Butt, Fanny!! We Don't Speak the Same English!
I have many friends and acquaintances whose first language is English, but they are not from the United States. They are English, Australian, Irish, New Zealanders, Scottish, Canadian, and more.
As a little girl, I read many stories written by authors from these countries, so I realized that American (US) English was not always the same as British English, which was spoken elsewhere.
I remembering feeling a bit more "cultured" when I was able to recognize (recognise) the differences, utilize (utilise) them when I wrote, and find some humor (humour) in how I might use other words strategically, though defined much differently in common language. The difference? The country where it was spoken.
I read a post by a fellow writer on another site where she used the terms, "water infections" and "my waters." This was new for me, though I easily understood what she was relating based on my own experience.
In this case, she was referring to urinary tract infections (UTIs). Here in the US we are much more "clinical" and less genteel about it, especially when we are referring to this bodily function and fluid.
Medical professionals, including doctors, will ask, "Is there blood in your urine?" or "Does it burn when you pee?"
Over the years, I have learned that the words and phrases we use in different English-speaking countries can get us into some trouble or be confusing, at best.
Consider the words used to describe the part of the body upon which one sits: Bottom, backside, butt, bum, behind, rear, buttock, rear end, ass, arse, fanny and tush. One of these words is a label for a different part of the body in some countries.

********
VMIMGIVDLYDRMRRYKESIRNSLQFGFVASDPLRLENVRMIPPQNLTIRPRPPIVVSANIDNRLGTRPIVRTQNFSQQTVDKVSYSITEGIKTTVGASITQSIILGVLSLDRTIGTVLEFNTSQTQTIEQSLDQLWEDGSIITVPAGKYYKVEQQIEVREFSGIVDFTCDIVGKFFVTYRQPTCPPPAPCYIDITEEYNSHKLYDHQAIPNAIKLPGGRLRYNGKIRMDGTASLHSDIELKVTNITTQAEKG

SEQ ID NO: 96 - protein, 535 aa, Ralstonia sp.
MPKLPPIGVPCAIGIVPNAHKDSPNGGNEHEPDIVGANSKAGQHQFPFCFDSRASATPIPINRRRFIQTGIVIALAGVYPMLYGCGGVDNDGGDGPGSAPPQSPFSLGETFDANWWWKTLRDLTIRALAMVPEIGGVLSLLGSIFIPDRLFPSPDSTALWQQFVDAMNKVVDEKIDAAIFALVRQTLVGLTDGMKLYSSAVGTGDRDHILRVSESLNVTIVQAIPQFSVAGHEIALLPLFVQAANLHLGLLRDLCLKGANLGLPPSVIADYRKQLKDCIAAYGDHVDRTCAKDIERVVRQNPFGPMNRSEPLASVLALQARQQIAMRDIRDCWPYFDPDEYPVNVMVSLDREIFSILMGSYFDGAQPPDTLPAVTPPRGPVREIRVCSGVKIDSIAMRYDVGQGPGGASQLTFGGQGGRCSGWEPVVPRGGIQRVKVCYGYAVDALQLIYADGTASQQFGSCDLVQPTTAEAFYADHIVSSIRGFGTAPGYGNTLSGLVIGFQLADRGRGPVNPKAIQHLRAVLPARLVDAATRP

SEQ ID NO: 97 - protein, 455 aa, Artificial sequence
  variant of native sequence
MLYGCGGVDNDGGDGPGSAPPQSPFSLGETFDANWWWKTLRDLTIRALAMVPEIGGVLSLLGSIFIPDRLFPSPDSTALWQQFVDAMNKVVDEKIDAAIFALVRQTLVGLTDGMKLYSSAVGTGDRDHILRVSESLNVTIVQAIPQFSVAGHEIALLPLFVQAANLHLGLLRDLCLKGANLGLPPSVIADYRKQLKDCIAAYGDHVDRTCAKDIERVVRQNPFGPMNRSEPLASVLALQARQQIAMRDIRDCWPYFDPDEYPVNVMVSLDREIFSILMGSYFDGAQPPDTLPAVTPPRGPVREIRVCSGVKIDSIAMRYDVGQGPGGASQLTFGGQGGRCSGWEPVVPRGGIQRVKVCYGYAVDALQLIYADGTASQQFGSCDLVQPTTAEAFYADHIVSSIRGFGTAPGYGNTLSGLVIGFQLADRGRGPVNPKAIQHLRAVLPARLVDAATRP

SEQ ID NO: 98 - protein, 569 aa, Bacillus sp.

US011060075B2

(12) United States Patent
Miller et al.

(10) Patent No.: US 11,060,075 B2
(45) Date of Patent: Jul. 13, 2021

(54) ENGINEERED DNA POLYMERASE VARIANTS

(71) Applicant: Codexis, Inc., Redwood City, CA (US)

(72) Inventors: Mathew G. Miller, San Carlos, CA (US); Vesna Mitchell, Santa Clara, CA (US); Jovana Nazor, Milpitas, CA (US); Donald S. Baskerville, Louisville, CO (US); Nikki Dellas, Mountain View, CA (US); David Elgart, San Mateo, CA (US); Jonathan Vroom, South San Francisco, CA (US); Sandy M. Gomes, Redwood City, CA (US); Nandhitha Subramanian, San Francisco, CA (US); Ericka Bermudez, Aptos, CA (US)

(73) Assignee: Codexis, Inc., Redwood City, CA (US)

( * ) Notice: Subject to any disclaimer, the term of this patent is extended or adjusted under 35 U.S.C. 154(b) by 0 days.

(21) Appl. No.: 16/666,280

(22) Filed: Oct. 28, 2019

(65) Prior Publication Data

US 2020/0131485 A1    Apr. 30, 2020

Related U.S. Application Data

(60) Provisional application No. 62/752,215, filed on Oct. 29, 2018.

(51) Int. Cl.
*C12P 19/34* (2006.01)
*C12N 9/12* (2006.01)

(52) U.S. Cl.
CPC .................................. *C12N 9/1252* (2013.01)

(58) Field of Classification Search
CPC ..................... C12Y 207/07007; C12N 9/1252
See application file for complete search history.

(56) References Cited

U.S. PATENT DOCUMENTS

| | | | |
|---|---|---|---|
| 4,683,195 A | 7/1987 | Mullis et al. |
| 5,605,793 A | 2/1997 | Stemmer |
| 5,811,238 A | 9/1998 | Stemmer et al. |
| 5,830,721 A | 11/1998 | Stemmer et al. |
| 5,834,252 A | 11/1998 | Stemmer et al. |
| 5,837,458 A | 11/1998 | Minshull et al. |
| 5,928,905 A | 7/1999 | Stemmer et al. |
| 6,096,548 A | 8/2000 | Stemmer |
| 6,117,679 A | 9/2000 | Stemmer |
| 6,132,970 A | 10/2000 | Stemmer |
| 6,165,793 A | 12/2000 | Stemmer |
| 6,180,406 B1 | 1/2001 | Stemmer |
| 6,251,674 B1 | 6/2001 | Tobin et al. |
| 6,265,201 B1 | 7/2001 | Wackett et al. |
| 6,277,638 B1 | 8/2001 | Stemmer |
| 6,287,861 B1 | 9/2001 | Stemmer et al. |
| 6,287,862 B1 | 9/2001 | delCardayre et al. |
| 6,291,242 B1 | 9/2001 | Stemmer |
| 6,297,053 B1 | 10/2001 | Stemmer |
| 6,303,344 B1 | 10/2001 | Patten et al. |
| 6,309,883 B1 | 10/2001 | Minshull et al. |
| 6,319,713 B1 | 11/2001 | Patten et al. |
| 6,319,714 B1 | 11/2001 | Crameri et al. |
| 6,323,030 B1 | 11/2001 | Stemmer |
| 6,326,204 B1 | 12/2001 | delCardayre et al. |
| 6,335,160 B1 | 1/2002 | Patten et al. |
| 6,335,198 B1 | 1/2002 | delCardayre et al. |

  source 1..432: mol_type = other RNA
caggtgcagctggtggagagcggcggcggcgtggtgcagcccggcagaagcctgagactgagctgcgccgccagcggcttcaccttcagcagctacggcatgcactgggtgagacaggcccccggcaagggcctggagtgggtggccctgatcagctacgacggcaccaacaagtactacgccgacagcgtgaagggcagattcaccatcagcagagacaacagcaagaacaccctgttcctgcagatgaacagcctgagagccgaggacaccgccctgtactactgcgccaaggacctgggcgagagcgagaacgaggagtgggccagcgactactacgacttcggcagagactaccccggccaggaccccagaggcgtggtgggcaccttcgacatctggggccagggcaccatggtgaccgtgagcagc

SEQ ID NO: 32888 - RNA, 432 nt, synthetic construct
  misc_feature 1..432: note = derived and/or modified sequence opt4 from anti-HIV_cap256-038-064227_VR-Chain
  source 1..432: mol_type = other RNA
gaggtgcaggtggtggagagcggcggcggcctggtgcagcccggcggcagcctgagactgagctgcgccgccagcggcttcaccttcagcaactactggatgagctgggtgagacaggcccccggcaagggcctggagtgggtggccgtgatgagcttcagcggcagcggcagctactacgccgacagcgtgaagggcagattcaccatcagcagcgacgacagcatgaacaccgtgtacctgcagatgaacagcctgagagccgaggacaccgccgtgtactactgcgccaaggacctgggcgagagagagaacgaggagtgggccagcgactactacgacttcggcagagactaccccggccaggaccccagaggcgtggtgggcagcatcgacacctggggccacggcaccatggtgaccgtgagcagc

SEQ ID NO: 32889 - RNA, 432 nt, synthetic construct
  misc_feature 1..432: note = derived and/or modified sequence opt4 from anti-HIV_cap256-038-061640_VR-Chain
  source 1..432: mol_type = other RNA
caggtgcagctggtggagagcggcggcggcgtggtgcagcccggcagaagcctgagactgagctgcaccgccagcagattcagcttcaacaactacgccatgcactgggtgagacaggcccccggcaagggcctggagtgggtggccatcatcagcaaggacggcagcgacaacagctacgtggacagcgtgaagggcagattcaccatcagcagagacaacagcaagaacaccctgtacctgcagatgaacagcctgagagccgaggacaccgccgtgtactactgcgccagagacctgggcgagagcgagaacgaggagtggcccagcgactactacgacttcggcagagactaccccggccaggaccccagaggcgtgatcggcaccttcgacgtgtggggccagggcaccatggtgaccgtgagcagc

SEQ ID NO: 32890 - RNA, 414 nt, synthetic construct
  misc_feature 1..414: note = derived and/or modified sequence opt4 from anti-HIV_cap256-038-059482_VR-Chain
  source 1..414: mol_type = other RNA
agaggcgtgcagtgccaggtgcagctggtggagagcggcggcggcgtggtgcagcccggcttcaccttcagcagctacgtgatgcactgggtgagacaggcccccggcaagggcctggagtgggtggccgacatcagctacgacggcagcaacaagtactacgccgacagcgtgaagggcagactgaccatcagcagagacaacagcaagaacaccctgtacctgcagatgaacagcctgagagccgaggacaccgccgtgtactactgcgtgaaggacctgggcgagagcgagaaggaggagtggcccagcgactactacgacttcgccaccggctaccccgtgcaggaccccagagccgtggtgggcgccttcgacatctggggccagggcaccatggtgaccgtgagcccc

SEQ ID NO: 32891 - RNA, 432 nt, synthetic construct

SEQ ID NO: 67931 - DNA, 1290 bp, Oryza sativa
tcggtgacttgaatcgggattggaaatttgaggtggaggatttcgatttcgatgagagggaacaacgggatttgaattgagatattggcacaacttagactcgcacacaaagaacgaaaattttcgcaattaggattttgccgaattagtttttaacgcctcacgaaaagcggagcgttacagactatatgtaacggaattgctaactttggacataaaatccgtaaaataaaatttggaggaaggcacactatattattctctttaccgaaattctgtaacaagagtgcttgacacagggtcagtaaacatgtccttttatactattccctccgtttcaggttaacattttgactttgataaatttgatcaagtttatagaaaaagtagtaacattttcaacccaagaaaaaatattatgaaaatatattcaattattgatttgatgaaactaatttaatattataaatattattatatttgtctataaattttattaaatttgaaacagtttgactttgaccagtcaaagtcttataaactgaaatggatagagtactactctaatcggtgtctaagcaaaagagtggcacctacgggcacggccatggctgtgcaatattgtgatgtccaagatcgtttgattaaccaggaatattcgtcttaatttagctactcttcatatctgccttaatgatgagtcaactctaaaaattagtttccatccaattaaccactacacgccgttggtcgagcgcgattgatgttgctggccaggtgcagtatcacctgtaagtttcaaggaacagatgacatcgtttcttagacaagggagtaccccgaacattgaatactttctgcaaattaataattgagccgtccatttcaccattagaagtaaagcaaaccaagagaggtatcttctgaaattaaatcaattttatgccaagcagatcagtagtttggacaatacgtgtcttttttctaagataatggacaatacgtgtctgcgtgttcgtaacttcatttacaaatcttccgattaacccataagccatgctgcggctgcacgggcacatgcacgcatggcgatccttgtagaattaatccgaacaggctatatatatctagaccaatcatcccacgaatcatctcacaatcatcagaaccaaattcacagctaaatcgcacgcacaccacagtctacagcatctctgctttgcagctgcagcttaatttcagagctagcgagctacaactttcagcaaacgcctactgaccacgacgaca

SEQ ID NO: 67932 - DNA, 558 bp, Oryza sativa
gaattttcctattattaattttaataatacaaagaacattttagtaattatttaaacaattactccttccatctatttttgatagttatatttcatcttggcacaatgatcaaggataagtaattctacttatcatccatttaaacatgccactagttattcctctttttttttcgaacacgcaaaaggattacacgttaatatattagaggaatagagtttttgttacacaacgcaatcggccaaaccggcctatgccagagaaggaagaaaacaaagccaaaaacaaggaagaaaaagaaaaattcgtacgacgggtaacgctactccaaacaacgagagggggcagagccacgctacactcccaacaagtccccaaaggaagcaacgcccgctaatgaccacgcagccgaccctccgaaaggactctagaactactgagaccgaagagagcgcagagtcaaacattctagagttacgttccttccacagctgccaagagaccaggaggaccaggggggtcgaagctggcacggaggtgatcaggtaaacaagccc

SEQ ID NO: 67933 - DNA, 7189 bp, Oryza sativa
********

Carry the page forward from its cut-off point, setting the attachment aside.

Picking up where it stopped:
"You four--George, Fanny, Pat and Bo! Get off your ass, go to the bottom, pick up any butts you may find, put them in your fanny pack, get back on your ass, and come back in from the rear!" might frighten one who is not well-versed in all the meanings each of these words may have.
Bo (a student from China) watches the others for clues, and follows their lead: He dismounts the pack mule, walks to the depth of the canyon, picks up any cigarette filters thrown by smokers, put them in the waist pack attached to his belt until the litter can be disposed of properly, and gets back up on the animal to ride back up to the top, and rejoins the team at the back of the line, along with George (on holiday from England), Fanny (the 80-year-old adventurer from the Midwestern US who was named for her great-grandmother), and Pat (from New York City).
Is it any wonder that non-native English speakers who are learning it as their second language might have problems with this language? Even those of us who do speak English as our native tongue would interpret the statement very differently.
I think it is about time I share some of my stories about how I learned some of these differences. One involved the Australian Navy in 1980. The other is from a 1999 Christmas holiday I took in London, when asking for directions from a proper, British woman.
Until then, it is time I rattle my dags, even though my dogs are barking, or I will have to stay on my own ass until I get it all done.
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Adapted from original piece originally written at Bubblews on March 10, 2014
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